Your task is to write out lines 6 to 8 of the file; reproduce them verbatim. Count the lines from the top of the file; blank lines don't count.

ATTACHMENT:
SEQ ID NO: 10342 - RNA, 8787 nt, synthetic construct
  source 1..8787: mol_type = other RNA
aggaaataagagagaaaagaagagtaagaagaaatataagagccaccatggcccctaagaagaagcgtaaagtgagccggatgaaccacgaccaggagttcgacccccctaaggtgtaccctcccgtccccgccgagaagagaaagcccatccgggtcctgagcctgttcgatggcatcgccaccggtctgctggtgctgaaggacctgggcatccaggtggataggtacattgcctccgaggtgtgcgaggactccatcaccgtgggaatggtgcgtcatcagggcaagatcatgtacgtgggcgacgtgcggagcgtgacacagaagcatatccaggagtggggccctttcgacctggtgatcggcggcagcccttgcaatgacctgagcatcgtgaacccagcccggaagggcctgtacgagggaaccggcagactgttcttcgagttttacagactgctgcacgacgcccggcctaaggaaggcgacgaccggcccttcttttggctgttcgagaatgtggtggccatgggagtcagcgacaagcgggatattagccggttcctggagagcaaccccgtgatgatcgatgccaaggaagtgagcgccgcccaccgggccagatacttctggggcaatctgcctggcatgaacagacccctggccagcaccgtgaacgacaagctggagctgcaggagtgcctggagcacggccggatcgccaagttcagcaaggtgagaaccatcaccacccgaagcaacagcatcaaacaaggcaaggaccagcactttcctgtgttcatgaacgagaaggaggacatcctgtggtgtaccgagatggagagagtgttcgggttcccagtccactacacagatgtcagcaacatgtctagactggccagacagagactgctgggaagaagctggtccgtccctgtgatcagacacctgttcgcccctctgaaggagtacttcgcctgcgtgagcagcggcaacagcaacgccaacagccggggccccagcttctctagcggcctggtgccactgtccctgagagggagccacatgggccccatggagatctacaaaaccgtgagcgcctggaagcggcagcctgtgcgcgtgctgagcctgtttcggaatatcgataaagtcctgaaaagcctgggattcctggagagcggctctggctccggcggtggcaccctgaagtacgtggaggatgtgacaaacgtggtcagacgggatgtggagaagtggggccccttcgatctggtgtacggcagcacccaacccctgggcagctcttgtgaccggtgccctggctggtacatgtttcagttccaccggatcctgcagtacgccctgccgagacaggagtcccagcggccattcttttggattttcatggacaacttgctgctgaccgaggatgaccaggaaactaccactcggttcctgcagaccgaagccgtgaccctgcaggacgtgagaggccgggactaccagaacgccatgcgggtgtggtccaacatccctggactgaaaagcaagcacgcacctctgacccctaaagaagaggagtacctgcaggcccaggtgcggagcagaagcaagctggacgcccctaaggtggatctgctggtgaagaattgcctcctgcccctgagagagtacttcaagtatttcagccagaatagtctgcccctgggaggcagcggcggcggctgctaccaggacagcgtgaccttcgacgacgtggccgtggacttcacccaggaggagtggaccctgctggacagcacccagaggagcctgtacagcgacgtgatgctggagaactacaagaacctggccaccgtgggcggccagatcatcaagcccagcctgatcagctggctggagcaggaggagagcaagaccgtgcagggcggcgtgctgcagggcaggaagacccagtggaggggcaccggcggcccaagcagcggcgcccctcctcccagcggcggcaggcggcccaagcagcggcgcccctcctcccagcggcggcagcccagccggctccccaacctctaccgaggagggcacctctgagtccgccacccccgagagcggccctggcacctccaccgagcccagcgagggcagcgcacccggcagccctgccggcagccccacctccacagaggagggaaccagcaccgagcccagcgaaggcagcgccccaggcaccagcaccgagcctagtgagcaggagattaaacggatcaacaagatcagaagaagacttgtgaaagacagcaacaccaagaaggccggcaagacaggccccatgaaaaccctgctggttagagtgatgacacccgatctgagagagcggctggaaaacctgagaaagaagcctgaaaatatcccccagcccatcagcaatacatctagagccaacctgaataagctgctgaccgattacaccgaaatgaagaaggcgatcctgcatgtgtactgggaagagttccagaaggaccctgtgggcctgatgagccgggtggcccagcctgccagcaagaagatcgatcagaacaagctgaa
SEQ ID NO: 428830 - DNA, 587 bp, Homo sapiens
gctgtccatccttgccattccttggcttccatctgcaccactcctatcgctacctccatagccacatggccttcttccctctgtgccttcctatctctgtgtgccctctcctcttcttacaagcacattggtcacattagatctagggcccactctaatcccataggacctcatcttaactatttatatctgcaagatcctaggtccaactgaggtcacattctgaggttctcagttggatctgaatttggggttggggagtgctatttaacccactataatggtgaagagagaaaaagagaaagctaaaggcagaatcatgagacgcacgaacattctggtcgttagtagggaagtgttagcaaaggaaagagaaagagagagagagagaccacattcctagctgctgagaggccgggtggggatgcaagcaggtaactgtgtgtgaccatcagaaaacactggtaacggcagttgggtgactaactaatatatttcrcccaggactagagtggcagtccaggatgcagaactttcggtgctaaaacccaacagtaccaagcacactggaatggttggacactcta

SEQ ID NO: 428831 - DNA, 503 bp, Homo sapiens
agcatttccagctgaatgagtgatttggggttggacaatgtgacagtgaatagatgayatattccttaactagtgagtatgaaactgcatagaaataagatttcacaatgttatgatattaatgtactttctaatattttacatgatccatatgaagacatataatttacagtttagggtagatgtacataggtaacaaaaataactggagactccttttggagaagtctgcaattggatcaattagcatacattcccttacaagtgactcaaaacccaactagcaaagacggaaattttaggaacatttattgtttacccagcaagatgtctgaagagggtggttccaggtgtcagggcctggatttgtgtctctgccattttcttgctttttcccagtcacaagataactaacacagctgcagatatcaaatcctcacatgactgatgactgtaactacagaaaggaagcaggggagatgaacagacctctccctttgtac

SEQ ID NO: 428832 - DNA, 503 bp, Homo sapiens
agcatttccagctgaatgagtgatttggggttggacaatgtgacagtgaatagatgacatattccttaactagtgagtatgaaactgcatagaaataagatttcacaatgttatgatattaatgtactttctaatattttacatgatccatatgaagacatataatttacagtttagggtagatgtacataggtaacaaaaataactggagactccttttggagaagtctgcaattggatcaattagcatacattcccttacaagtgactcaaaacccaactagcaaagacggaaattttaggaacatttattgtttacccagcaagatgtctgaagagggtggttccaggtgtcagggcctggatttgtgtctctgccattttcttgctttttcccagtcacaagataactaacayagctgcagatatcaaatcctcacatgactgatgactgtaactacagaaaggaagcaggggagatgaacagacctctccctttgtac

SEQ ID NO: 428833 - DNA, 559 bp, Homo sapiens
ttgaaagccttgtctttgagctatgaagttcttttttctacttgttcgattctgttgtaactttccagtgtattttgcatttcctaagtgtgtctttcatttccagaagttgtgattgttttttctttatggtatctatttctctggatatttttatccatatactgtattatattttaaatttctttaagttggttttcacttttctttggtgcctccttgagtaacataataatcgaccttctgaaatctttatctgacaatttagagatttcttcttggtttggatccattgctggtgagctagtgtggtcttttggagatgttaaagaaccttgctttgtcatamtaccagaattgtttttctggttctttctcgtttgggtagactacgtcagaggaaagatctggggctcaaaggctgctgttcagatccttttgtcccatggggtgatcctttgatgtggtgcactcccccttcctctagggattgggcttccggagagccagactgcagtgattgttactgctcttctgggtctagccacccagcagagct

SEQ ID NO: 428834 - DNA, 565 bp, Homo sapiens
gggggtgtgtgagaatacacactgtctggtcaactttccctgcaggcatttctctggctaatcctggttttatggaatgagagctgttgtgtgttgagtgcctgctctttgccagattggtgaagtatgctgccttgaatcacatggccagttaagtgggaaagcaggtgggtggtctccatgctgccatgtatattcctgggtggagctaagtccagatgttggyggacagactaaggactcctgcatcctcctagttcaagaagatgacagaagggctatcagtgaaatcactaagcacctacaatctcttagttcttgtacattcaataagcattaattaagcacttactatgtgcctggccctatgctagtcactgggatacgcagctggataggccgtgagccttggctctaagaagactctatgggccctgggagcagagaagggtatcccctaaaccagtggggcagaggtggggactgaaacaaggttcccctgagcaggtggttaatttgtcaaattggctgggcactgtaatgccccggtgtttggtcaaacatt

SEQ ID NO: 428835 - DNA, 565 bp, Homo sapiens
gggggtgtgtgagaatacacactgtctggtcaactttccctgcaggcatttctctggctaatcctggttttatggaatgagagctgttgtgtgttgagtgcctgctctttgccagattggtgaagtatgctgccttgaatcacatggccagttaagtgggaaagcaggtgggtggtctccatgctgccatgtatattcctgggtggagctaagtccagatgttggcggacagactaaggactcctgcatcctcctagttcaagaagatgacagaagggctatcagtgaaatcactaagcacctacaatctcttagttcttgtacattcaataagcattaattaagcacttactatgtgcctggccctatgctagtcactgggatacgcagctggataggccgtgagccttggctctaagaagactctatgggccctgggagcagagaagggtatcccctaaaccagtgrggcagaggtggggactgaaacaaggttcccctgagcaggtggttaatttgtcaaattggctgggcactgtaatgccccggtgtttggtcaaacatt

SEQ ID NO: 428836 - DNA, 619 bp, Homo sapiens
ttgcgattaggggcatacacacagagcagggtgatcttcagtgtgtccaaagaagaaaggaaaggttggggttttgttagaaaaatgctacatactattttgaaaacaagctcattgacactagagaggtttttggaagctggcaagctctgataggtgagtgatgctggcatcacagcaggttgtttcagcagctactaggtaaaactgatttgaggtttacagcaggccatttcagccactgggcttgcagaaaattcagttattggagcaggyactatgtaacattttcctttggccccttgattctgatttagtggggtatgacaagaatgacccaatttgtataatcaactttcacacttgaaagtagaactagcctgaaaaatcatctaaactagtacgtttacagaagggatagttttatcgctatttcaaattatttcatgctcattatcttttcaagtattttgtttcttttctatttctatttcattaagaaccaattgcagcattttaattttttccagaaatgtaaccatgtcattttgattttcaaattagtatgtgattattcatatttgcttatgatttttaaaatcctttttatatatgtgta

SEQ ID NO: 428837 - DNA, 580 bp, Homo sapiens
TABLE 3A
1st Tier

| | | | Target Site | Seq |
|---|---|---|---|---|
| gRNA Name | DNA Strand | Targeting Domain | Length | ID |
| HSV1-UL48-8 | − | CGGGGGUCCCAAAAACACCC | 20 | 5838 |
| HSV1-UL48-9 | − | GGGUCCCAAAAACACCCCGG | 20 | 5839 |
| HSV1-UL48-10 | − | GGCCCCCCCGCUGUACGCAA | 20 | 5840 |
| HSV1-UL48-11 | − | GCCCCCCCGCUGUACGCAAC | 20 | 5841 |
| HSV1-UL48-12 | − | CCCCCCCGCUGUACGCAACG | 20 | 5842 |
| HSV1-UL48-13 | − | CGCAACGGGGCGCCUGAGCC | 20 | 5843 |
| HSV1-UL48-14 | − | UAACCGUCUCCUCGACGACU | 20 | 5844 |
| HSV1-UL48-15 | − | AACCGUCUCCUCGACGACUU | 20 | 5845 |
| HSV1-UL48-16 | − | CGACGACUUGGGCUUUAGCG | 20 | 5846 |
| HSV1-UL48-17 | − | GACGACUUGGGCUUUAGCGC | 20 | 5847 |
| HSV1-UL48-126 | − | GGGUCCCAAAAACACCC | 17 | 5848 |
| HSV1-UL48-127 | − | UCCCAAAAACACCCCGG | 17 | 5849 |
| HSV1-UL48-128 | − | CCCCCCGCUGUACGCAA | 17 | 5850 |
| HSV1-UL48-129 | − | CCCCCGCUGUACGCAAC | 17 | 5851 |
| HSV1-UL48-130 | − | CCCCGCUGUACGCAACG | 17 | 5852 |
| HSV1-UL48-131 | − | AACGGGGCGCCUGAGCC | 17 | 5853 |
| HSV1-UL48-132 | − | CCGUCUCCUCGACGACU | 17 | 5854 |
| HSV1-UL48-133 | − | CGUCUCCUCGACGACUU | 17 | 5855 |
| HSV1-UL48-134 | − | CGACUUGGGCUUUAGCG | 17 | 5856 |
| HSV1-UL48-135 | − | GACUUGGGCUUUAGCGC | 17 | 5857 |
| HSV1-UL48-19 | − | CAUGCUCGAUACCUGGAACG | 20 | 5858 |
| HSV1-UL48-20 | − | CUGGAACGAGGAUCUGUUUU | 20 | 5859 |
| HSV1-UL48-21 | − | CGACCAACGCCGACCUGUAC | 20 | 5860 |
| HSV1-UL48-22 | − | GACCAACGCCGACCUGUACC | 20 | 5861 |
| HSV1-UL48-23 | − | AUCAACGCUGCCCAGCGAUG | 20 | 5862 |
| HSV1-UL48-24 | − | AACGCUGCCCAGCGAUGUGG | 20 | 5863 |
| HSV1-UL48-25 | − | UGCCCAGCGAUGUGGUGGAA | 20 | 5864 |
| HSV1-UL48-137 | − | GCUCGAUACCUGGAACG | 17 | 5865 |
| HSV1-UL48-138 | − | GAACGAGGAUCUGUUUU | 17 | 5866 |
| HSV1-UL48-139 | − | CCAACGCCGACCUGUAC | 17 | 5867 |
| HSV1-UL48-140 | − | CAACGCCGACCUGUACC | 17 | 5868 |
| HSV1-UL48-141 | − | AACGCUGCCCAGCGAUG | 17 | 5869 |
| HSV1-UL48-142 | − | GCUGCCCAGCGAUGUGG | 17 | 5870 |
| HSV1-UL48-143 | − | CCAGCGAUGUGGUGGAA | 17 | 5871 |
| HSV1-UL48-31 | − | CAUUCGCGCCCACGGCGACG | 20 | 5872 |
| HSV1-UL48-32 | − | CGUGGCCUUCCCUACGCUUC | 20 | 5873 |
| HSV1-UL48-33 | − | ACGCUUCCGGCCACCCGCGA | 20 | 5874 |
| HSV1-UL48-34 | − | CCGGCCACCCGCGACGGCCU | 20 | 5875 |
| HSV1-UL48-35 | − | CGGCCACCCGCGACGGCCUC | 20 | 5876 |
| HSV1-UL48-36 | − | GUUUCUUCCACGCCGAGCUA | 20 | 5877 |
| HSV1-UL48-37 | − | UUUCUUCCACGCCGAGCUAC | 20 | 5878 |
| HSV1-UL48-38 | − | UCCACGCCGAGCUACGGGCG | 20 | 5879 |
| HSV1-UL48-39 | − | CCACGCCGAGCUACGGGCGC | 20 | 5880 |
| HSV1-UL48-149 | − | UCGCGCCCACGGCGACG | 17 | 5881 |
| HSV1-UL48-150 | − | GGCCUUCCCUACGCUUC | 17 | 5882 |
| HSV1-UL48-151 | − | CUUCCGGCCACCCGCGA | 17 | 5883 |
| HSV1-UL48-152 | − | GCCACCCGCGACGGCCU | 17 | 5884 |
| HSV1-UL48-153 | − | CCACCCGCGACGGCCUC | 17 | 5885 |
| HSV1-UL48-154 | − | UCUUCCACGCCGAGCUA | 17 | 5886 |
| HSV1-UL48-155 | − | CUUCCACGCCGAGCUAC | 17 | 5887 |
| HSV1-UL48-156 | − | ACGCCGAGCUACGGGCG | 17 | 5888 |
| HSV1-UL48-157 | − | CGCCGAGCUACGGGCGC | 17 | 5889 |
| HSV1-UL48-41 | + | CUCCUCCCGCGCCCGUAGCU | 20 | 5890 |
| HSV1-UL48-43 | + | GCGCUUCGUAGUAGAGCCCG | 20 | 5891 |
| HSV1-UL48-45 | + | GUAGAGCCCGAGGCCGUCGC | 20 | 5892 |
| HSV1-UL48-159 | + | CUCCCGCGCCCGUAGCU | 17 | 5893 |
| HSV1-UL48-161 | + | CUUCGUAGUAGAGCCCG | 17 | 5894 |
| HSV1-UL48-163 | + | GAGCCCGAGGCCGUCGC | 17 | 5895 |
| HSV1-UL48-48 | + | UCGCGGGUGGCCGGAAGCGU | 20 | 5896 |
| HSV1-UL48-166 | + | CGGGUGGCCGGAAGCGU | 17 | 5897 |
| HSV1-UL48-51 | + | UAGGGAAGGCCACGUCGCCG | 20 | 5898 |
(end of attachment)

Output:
SEQ ID NO: 428831 - DNA, 503 bp, Homo sapiens
agcatttccagctgaatgagtgatttggggttggacaatgtgacagtgaatagatgayatattccttaactagtgagtatgaaactgcatagaaataagatttcacaatgttatgatattaatgtactttctaatattttacatgatccatatgaagacatataatttacagtttagggtagatgtacataggtaacaaaaataactggagactccttttggagaagtctgcaattggatcaattagcatacattcccttacaagtgactcaaaacccaactagcaaagacggaaattttaggaacatttattgtttacccagcaagatgtctgaagagggtggttccaggtgtcagggcctggatttgtgtctctgccattttcttgctttttcccagtcacaagataactaacacagctgcagatatcaaatcctcacatgactgatgactgtaactacagaaaggaagcaggggagatgaacagacctctccctttgtac

SEQ ID NO: 428832 - DNA, 503 bp, Homo sapiens